The Intermountain Ecological Region (Intermountain) of British Columbia (Region 8) includes the Canadian portion of the NABCI Great Basin and the majority of the Canadian portion of the Northern Rockies Bird Conservation Regions. It occupies approximately the southern half of the province. The region is delineated by the crest of the Coast Mountains on the west, the crest of the Rocky Mountains on the east, the southern extent of the boreal forest to the north, and the boundary with the United States on the south. The region covers 320,000 km2, over 34% of the area of BC, and supports a breeding waterfowl population of approximately 1.1 million birds. Four percent of this area (12,300 km2) is lakes and wetlands. The Intermountain contains 4 ecoprovinces, including 10 ecoregions and 37 ecosections. Elevation ranges from 200 meters to over 3,000 meters above sea level. Within the Intermountain, the habitats most important to waterfowl occur in the valleys and on mid-elevation plateaus.
Ninety-two percent of BC is publicly owned provincial Crown land with the remainder privately owned, First Nations reserves, or parks. The majority of wetland drainage has taken place on private land in valley bottoms where up to 80% of wetlands have been drained. While the few wetlands remaining on private land are highly productive, by far the majority of remaining waterfowl habitat exists on Crown land. Crown land is available to the public and its regulation is defined by public policy and legislation.
Importance to waterfowl
The Intermountain contains important breeding habitat for 26 species of ducks as well as Canada geese. Two conservative provincial estimates of breeding waterfowl populations suggest about 1.7 million ducks breed in BC or approximately 4% of the breeding waterfowl population in Canada. It is particularly important to Barrow’s goldeneyes and provides breeding habitat for more than 60% of the world’s population of this species. A recent effort to calculate the number of waterfowl breeding in the interior alone suggests 1.1 million ducks or 65% of the total provincial waterfowl population breed in the Intermountain. Density of breeding waterfowl in the Intermountain ranges as high as 36.3 pairs/km2 (94 pairs/mi2) in some locations.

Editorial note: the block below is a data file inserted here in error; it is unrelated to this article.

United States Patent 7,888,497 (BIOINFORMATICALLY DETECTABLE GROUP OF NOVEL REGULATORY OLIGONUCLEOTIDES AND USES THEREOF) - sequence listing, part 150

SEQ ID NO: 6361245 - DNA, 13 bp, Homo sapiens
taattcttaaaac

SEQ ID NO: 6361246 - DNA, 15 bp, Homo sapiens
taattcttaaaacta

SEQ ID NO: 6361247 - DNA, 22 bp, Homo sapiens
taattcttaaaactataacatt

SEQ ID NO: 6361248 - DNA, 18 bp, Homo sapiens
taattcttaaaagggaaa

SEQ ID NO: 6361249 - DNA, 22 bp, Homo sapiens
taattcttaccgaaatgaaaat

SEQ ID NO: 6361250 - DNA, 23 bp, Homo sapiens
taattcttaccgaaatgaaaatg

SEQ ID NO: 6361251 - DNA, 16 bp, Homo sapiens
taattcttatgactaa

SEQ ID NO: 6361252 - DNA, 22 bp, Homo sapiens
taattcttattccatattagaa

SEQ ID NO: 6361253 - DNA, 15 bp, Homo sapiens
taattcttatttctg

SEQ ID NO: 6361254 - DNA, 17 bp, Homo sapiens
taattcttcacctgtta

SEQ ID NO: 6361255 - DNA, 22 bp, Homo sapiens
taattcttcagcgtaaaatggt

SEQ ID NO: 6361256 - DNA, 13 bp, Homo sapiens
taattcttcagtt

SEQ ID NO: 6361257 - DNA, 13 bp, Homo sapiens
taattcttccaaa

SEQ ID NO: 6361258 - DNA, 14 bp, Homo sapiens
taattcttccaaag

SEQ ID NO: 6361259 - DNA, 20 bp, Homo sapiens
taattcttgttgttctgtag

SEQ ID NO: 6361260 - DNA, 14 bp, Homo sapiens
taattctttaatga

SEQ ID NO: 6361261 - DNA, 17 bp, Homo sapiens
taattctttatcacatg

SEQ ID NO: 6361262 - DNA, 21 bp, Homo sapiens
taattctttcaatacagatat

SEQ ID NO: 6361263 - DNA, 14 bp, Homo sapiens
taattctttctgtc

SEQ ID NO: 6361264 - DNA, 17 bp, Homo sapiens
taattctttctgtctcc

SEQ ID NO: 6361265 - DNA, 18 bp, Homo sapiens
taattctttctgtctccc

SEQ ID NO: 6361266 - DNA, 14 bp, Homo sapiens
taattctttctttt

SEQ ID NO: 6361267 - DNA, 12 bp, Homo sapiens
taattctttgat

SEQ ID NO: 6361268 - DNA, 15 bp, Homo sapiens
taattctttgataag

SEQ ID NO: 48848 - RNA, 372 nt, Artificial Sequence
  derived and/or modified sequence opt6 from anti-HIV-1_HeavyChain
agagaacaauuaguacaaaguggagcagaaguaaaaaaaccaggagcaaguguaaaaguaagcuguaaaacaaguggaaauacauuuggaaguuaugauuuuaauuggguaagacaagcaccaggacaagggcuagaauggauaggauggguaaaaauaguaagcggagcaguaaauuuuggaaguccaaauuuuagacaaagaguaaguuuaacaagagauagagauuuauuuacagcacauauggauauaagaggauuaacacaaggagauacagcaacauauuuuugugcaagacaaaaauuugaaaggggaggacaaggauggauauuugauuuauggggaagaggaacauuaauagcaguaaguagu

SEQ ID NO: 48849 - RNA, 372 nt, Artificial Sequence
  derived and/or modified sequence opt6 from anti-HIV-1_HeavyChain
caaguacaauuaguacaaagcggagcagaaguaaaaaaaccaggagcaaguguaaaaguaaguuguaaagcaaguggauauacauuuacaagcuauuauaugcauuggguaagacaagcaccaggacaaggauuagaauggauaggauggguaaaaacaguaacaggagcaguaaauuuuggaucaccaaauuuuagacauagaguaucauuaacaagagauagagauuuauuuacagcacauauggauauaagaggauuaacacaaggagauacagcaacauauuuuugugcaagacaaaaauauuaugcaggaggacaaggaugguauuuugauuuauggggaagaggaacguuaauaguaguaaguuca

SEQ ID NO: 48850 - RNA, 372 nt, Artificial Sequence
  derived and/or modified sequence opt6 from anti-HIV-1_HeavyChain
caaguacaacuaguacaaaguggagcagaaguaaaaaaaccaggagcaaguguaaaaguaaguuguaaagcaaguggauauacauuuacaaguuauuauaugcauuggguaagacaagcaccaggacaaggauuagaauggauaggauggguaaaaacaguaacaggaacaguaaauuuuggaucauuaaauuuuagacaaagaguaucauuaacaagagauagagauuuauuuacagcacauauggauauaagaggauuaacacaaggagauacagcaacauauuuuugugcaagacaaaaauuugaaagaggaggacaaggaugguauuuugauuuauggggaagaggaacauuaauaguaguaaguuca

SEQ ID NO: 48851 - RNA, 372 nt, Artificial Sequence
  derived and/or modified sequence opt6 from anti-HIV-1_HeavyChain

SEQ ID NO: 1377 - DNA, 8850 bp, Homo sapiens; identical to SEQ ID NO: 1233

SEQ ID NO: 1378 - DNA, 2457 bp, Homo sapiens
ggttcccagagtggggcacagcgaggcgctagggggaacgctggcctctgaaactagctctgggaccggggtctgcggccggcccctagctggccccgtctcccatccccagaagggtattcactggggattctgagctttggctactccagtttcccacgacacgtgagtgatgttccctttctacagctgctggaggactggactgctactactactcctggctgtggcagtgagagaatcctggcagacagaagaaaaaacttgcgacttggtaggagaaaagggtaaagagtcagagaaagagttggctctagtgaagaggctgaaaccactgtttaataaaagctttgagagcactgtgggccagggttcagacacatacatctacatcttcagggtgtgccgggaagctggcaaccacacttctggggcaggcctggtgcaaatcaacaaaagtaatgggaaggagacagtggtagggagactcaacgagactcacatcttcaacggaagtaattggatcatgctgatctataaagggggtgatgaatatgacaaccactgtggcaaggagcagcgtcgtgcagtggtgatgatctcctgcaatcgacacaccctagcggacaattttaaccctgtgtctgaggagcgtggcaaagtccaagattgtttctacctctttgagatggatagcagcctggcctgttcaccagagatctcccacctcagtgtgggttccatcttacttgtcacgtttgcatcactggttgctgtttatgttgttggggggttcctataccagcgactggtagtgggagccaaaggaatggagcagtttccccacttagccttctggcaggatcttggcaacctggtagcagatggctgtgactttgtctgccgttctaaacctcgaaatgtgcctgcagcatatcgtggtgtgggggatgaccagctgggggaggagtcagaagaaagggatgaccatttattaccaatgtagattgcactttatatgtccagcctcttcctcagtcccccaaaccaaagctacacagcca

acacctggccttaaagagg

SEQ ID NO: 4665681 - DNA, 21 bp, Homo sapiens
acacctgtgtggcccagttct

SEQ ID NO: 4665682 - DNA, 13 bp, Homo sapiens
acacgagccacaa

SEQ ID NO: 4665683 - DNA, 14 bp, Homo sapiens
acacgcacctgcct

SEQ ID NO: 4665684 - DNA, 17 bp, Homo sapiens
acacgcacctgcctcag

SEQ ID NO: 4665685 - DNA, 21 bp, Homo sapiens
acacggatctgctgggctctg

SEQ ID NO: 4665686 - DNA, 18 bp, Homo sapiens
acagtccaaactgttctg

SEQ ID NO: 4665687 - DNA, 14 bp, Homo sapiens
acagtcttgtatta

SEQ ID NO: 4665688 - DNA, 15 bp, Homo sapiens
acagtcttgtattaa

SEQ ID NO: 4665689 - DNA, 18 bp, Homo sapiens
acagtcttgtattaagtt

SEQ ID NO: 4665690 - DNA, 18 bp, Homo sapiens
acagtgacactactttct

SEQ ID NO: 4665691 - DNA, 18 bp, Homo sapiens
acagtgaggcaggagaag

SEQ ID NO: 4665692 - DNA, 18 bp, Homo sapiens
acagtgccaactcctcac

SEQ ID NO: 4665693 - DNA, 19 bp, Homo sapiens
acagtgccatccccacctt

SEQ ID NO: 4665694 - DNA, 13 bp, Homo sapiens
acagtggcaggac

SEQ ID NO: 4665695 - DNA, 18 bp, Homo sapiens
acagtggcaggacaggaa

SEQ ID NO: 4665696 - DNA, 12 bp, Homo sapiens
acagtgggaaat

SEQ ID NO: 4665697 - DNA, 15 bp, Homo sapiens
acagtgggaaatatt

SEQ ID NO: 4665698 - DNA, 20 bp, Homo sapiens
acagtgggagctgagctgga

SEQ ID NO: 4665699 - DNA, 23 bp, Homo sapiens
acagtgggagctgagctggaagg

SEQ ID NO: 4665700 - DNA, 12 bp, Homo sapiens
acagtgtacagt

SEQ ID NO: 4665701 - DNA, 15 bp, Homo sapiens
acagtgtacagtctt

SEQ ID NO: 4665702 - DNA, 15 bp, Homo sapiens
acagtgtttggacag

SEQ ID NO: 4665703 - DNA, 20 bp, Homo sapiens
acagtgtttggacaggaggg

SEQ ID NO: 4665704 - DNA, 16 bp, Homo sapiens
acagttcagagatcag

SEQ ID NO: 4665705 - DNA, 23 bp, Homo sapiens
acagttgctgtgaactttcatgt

Population data from 1967-69 and 1987-98 suggest that mallards, northern pintails, blue-winged teal, common goldeneyes, ruddy ducks, harlequin ducks, common mergansers, and red-breasted mergansers have markedly declined in abundance in BC during the last 30 years. More recent trend estimates also suggest that Barrow’s goldeneyes and lesser scaup are declining throughout the Intermountain. Although it is unclear what factors may have contributed to these declines, it is likely that wetland loss and rangeland degradation have been key factors contributing to the decline of dabbling ducks. Intensified logging activities, and its accompanying negative effects on wetland and riverine habitats, have likely contributed to declines in several species of diving ducks.
In addition to providing important breeding habitat for waterfowl, the Intermountain is used extensively by migrating and wintering waterfowl. The strategic location of the Intermountain between significant breeding areas in Alaska and key wintering areas in California and western Mexico contribute to heavy use of this region by migrating waterfowl. Up to 8 million waterfowl comprised of 38 different species migrate through the interior of BC. Also, growing numbers of waterfowl winter on the rivers and large lakes in the Intermountain. Notably, more than 2,000 of the world’s remaining 19,000 trumpeter swans currently winter in the Intermountain.
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